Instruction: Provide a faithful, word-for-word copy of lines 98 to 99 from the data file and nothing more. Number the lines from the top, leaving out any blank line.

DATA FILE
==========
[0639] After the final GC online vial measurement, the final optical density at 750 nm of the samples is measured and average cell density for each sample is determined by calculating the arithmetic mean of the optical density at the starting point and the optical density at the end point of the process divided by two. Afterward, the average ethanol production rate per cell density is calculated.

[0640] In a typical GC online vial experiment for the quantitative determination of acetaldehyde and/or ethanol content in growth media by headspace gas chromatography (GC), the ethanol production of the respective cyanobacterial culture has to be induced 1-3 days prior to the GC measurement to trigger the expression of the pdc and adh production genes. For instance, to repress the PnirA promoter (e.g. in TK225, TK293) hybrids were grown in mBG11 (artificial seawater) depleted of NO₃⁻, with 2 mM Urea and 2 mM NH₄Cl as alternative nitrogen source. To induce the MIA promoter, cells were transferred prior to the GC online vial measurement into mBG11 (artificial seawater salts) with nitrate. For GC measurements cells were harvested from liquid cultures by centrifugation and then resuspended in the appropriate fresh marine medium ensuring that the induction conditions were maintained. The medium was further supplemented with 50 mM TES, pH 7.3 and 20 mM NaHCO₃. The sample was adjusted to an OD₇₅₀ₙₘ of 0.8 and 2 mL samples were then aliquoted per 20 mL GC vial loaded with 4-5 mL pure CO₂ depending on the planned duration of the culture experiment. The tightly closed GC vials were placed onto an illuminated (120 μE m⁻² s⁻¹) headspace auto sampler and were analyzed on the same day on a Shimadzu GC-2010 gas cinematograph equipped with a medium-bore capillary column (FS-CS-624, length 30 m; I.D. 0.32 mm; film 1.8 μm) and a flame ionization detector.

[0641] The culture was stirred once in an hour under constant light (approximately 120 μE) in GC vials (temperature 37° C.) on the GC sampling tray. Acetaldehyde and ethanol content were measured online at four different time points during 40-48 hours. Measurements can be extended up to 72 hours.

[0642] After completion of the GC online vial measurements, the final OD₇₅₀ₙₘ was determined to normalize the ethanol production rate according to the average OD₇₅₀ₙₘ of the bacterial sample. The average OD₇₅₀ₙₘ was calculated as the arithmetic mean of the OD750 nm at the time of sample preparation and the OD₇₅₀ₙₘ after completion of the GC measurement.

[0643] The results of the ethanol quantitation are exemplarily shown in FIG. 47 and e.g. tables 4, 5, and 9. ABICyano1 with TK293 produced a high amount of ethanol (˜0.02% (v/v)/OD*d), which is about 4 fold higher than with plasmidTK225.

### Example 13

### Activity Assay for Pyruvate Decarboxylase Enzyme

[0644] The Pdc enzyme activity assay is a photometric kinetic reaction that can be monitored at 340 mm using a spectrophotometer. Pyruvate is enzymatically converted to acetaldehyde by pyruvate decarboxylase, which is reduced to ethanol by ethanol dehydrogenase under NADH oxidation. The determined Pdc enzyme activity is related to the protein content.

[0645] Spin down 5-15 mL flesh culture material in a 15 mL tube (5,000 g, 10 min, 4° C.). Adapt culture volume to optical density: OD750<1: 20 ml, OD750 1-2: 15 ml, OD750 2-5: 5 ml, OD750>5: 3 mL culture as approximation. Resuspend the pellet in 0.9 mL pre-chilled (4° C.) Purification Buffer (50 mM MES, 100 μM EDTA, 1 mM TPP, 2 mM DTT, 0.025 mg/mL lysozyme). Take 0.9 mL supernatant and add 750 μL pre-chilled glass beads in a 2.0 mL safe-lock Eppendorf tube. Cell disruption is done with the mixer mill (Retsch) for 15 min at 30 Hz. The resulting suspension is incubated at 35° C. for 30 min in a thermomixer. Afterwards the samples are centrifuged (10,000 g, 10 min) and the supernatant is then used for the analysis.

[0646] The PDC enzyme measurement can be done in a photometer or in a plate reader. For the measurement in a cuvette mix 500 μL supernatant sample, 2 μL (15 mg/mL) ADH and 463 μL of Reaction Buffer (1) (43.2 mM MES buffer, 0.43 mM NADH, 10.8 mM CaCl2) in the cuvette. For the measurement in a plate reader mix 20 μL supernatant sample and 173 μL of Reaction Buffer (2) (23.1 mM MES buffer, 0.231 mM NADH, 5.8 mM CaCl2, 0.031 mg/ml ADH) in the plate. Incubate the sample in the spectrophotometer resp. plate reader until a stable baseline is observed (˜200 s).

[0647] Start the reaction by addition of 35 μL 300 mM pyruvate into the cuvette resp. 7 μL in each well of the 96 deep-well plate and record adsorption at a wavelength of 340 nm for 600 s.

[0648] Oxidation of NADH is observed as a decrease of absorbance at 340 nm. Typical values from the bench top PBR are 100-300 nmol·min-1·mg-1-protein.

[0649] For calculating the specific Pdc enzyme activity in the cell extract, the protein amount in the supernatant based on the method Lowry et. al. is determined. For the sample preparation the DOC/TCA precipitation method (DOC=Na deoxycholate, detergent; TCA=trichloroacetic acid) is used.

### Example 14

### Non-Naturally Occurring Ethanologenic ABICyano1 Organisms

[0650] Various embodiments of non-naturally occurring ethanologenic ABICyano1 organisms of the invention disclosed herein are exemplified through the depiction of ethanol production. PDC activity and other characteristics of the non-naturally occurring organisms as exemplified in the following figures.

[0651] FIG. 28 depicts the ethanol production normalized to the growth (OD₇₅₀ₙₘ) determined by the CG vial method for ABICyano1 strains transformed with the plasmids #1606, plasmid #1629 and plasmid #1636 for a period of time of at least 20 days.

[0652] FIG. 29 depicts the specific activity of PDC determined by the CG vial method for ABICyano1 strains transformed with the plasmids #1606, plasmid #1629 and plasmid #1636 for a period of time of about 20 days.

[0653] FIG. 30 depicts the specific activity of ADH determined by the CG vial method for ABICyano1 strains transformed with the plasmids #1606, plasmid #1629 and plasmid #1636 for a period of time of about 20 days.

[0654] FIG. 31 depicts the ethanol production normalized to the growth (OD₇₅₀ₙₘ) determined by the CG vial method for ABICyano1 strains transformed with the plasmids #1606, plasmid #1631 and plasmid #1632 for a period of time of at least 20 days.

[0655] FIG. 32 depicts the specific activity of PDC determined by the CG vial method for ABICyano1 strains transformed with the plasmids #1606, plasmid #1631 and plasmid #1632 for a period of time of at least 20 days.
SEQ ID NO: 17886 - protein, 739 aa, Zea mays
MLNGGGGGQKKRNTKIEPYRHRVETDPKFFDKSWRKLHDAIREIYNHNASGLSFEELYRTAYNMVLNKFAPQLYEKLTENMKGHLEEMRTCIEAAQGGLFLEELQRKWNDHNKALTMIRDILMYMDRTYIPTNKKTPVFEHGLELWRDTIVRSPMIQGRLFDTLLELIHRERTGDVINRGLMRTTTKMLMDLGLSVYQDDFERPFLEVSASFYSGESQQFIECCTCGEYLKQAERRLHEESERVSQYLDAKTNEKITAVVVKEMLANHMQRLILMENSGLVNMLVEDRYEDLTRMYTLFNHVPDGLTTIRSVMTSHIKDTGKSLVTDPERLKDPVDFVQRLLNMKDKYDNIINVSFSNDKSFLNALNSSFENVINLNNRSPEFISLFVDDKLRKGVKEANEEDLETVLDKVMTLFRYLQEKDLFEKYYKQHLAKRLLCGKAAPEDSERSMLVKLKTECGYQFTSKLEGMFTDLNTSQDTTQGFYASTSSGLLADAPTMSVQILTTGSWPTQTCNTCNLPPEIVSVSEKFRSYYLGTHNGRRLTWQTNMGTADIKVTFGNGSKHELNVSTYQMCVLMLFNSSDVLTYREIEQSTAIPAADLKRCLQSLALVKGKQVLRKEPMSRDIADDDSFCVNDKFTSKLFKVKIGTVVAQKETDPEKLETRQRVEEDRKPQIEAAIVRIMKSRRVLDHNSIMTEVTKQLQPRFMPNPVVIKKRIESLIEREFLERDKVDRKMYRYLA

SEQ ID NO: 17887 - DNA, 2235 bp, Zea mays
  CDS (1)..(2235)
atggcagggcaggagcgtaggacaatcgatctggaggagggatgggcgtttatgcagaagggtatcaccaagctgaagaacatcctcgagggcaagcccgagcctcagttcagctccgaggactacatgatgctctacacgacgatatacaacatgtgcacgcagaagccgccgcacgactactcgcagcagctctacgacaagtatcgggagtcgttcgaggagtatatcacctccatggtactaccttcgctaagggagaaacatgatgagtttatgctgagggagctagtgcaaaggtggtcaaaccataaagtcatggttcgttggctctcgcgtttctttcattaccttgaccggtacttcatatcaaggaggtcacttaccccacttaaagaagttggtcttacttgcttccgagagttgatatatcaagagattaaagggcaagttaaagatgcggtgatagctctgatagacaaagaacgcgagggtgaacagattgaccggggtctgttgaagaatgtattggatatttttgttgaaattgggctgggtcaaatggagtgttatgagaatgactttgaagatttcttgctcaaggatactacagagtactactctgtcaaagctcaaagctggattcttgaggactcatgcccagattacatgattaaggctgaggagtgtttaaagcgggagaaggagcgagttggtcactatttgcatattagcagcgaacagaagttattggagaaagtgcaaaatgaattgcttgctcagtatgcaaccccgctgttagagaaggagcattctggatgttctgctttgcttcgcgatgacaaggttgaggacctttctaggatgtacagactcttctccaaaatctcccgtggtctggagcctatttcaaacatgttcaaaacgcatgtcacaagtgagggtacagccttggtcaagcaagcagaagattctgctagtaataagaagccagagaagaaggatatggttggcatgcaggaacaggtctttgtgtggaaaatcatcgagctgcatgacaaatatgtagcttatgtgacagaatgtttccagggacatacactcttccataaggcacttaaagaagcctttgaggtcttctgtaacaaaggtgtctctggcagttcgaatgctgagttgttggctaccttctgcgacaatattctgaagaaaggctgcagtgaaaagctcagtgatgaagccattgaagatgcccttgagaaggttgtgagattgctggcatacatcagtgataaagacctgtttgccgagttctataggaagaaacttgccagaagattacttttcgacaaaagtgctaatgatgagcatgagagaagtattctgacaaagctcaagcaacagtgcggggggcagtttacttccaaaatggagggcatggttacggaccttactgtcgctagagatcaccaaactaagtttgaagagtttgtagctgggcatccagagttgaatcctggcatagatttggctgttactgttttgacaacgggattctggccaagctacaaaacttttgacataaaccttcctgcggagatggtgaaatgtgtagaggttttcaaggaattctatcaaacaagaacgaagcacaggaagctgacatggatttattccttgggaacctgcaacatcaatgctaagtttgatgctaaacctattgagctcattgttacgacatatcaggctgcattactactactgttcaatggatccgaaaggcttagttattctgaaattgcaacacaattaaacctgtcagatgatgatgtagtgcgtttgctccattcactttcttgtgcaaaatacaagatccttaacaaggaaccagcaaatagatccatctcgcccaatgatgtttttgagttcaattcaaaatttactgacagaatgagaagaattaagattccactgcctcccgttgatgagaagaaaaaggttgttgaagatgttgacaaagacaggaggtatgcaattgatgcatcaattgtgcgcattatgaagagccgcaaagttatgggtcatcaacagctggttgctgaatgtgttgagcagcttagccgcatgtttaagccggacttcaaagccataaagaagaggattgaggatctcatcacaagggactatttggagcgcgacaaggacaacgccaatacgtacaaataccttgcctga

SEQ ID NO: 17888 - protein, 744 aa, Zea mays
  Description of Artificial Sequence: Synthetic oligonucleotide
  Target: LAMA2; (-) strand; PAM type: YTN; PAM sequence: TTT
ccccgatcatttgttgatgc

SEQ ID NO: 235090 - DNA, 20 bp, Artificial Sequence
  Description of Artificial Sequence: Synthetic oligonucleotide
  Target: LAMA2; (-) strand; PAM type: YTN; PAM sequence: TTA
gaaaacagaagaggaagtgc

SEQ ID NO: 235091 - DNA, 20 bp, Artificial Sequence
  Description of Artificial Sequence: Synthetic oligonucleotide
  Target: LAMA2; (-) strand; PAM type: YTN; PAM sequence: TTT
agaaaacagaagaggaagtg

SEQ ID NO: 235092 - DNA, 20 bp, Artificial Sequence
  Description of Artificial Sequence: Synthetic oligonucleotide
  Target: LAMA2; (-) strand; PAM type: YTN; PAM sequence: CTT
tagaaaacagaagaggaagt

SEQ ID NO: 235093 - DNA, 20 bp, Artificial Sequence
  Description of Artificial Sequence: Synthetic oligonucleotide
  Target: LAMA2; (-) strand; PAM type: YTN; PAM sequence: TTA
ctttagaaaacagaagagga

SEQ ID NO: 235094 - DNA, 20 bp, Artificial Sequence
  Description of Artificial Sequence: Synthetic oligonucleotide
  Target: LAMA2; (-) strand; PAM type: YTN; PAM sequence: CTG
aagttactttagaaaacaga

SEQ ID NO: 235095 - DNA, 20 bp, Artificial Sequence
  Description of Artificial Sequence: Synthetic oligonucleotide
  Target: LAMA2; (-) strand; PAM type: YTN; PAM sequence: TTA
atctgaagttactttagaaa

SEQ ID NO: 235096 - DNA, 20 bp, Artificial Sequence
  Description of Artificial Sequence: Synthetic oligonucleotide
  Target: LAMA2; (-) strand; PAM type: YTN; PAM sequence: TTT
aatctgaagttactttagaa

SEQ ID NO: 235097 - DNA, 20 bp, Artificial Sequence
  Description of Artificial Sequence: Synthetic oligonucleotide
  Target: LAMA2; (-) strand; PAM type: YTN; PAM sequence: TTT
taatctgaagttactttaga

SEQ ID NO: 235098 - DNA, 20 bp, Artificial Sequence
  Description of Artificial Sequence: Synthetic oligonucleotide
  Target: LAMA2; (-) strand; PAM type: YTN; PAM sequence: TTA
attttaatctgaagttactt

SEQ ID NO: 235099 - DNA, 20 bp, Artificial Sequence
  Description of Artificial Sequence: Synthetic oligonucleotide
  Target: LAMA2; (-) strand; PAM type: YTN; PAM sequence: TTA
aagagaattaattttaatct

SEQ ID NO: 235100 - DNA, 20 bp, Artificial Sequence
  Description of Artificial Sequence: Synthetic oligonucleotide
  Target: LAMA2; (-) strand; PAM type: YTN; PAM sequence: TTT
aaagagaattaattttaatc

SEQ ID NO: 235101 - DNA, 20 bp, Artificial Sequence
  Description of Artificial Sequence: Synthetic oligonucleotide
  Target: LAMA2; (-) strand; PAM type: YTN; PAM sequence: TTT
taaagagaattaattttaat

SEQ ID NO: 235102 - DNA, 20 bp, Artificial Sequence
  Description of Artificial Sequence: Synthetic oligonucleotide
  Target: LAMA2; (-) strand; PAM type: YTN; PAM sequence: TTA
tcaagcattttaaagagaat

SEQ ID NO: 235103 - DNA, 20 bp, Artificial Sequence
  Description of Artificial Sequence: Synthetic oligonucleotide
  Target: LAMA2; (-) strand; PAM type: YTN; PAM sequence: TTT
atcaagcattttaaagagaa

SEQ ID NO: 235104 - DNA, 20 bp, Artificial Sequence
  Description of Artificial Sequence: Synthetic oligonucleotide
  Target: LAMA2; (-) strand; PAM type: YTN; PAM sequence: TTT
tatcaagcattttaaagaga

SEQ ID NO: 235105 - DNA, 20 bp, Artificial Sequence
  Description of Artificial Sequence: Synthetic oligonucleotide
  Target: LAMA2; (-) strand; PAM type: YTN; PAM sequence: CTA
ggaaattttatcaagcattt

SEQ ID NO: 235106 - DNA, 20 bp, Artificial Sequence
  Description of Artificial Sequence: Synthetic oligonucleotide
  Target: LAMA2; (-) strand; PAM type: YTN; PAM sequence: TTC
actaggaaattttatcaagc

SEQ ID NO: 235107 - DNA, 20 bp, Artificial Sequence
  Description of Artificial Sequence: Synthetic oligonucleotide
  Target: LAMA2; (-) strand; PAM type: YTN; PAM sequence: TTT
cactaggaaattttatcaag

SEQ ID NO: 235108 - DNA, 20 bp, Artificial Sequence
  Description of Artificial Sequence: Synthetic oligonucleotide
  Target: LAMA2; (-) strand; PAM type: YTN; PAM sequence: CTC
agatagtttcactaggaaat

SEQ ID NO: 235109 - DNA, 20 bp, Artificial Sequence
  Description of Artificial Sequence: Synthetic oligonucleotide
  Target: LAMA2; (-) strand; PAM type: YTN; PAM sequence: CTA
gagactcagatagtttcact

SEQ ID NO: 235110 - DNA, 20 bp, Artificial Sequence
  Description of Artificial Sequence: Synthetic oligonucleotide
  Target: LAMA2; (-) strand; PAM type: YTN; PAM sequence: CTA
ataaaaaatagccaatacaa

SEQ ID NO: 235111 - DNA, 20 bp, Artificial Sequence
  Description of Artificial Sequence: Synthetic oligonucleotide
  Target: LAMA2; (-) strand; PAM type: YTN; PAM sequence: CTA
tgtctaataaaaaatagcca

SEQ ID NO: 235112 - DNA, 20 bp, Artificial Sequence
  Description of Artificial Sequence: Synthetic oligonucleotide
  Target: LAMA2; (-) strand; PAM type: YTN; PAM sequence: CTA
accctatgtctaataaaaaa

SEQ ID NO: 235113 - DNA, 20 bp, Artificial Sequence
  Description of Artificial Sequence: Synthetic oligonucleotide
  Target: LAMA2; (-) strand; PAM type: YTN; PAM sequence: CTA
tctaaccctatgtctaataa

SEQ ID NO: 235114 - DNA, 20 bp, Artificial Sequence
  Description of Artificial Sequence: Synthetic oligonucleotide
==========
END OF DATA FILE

actaggaaattttatcaagc

SEQ ID NO: 235107 - DNA, 20 bp, Artificial Sequence